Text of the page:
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NYC bombing suspect’s Brooklyn mosque has many extremist links

Conservative Review

On Tuesday, police say Akayed Ullah attempted to commit a suicide attack (reportedly on behalf of ISIS) near the Port Authority Bus Terminal in midtown Manhattan. Luckily, he had very little success, and nobody was killed. Several people were injured.

Questions continue about how Ullah was radicalized into strapping a homemade pipe bomb device to his midsection and attempting to kill as many innocents as possible. According to the criminal complaint against him, Ullah’s radicalization process began in at least 2014, when he viewed pro-ISIS materials online. In what was likely meant to be a post-successful suicide attack note, Ullah declared a victory of sorts against the United States, writing a message to President Trump on Facebook declaring that the commander-in-chief had failed to protect his nation.

But not much has surfaced about Ullah’s activities since his arrival in the United States. We do know that he worshipped at a radical mosque.

Ullah attended the Masjid Nur Al-Islam in Kensington, Brooklyn, according to the New York Times. A regular attendee, he “was close to the mosque’s Imam and was often seen with him at afternoon prayers,” the report adds.

Once funded by the government of Saudi Arabia, Masjid Nur Al-Islam appears to be a hotbed of terrorist recruitment.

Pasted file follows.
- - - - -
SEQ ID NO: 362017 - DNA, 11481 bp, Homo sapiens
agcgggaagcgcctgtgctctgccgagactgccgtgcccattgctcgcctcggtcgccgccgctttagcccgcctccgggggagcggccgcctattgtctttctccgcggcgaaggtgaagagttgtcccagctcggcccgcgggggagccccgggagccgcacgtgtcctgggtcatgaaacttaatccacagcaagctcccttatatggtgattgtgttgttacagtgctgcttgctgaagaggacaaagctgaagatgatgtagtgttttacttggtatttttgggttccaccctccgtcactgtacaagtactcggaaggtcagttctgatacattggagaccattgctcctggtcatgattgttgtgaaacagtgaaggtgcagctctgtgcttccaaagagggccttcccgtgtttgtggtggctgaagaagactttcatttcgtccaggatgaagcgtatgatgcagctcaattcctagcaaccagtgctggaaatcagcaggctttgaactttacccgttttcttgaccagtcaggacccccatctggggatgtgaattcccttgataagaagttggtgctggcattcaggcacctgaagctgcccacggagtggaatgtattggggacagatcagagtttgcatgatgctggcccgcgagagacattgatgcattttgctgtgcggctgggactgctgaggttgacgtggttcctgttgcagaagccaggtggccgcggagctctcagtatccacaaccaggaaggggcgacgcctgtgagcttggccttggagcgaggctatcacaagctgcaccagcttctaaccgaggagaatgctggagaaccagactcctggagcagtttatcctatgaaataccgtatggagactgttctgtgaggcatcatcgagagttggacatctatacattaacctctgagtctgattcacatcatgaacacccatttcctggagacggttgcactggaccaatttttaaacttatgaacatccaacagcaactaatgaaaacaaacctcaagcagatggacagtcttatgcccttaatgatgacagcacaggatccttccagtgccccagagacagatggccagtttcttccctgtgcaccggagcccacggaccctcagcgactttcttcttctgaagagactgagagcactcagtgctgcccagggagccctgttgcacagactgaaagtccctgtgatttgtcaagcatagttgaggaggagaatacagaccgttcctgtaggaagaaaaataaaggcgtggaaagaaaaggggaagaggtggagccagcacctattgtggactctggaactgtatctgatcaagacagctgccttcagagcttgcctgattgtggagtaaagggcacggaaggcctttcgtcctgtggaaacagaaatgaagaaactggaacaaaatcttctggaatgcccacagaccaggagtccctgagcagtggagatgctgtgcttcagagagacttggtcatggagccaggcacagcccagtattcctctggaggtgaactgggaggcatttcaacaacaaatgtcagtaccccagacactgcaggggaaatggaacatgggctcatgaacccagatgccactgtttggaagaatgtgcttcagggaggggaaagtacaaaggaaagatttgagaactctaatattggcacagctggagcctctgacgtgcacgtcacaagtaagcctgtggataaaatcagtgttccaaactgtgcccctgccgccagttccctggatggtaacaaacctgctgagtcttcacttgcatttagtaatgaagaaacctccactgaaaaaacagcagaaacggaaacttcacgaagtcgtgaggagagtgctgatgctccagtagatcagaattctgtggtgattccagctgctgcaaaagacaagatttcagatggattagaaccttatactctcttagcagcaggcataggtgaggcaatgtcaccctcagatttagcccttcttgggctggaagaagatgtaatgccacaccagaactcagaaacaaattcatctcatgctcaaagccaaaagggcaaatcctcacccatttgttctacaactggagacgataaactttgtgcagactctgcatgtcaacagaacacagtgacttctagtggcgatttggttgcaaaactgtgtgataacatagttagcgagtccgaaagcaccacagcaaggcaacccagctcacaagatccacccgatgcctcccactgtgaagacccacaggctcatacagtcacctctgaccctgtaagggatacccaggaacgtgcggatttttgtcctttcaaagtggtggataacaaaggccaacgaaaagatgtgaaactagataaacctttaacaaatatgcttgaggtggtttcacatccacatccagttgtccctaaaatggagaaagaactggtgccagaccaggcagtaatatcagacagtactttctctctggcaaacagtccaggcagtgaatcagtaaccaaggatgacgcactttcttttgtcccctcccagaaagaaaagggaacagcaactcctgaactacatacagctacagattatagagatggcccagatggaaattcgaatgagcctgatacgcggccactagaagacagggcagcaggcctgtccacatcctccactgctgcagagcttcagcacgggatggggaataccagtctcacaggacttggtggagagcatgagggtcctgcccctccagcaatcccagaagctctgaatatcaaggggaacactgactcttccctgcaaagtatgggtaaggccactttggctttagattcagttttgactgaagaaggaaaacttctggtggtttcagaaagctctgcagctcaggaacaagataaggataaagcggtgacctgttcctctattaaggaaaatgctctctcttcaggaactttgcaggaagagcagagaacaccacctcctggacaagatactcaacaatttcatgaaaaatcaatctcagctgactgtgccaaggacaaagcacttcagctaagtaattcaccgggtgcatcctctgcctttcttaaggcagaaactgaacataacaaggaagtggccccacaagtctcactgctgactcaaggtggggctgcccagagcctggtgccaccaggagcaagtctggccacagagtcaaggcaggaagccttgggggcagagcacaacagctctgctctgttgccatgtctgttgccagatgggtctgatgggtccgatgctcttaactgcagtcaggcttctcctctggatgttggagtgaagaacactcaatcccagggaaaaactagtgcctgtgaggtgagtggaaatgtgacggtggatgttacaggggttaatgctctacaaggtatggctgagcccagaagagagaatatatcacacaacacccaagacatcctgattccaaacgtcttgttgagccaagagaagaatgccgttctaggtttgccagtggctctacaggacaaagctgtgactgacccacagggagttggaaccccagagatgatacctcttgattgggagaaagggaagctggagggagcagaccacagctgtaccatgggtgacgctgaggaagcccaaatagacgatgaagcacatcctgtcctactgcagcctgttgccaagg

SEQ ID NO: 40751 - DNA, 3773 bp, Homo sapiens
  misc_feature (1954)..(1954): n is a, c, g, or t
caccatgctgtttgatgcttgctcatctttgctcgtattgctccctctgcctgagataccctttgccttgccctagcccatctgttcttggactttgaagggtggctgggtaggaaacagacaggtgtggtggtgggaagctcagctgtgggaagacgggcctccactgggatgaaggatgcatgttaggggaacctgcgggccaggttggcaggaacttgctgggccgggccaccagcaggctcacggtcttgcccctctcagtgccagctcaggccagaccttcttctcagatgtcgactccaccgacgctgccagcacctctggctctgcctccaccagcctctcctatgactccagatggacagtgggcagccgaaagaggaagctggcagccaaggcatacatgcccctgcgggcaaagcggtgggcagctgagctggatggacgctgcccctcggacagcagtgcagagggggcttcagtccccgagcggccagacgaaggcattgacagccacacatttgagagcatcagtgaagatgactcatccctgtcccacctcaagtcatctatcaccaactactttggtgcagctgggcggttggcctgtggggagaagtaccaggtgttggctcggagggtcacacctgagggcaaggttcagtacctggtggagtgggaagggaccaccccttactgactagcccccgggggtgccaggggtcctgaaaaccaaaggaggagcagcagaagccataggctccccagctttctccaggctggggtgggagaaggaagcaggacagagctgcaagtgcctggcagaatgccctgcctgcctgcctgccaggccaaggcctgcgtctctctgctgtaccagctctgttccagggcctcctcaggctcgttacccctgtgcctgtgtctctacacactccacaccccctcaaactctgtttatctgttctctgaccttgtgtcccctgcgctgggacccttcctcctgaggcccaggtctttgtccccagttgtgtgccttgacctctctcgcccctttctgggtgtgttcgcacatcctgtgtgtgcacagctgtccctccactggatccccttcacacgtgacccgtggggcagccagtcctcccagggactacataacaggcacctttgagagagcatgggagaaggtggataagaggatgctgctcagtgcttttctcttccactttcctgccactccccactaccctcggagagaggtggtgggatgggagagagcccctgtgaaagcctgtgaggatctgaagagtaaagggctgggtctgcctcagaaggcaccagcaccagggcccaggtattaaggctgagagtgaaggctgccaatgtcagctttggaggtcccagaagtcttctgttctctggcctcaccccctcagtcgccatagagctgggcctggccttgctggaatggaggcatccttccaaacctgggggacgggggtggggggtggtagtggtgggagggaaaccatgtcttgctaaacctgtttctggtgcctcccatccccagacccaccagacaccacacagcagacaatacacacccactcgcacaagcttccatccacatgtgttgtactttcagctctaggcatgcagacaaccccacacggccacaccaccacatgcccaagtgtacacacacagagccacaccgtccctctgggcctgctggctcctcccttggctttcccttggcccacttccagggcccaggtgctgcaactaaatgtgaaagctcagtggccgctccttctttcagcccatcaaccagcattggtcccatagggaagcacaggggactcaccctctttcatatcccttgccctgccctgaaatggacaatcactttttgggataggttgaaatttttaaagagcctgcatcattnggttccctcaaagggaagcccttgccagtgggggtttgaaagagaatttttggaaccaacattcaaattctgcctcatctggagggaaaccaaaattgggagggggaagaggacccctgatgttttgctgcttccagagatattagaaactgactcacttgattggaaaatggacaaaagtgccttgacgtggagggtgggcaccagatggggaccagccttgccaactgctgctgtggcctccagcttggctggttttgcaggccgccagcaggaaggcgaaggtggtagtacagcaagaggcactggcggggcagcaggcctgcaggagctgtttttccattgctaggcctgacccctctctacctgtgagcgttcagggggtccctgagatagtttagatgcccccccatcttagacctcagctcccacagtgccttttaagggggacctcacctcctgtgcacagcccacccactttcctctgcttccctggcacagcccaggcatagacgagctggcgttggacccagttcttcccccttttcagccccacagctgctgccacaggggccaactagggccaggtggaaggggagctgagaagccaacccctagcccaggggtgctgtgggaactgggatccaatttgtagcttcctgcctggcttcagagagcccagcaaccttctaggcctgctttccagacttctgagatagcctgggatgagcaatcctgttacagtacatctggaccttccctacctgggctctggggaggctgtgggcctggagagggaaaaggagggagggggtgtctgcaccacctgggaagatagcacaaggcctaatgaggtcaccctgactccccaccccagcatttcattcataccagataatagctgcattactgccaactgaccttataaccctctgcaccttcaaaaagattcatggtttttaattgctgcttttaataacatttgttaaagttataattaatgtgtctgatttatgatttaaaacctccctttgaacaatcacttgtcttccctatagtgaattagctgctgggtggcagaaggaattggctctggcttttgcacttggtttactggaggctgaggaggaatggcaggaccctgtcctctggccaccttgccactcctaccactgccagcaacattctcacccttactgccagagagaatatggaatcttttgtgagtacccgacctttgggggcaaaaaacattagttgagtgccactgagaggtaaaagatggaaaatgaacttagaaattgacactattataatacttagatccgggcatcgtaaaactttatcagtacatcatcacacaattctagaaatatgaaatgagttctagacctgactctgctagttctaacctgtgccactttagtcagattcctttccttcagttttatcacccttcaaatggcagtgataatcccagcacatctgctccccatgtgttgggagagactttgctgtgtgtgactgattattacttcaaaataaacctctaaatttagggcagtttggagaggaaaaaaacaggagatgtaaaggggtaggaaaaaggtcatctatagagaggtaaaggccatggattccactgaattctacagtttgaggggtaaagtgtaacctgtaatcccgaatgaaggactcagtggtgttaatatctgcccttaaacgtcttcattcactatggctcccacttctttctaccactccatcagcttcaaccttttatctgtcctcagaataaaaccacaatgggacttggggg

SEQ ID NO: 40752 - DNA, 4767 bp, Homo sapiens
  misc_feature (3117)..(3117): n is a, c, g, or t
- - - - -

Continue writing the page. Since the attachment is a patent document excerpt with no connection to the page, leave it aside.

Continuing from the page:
A former imam at the mosque was under FBI surveillance for some time. He once testified as a character witness for Clement Rodney Hampton-El, or “Dr. Rashid,” who was later convicted in a plot to bomb landmarks throughout New York City.

Adnan Gulshair el-Shukrijumah, the imam’s son, grew up in the U.S. and went on to become a senior member of al Qaeda. After he fled the country, the Department of State put up a $5 million bounty for information about his location. El-Shukrijumah was later killed in a raid on his location near the Afghanistan-Pakistan border.

Another former attendee of the mosque, Abdul Rasheed, was convicted of plotting to blow up the Holland Tunnel and the United Nations building.

In addition to that, a New York City Policy Department counter-terrorism intelligence document lists five associates of the mosque under a “most dangerous” category, according to the book Enemies Within, which was written by two Pulitzer Prize-winning journalists.

Lately, mosque leaders have been engaging in sketchy activities, which the NYPD is surely now scrutinizing in the wake of yesterday’s attempted bombing. Just last week, the imam at the mosque shut down the facility and banned anyone from entering the building.

Worshipping at radical mosques appears to run in the family. Ullah’s brother attends the same mosque where the mastermind of the 1993 World Trade Center bombing once preached, according to the New York Post.

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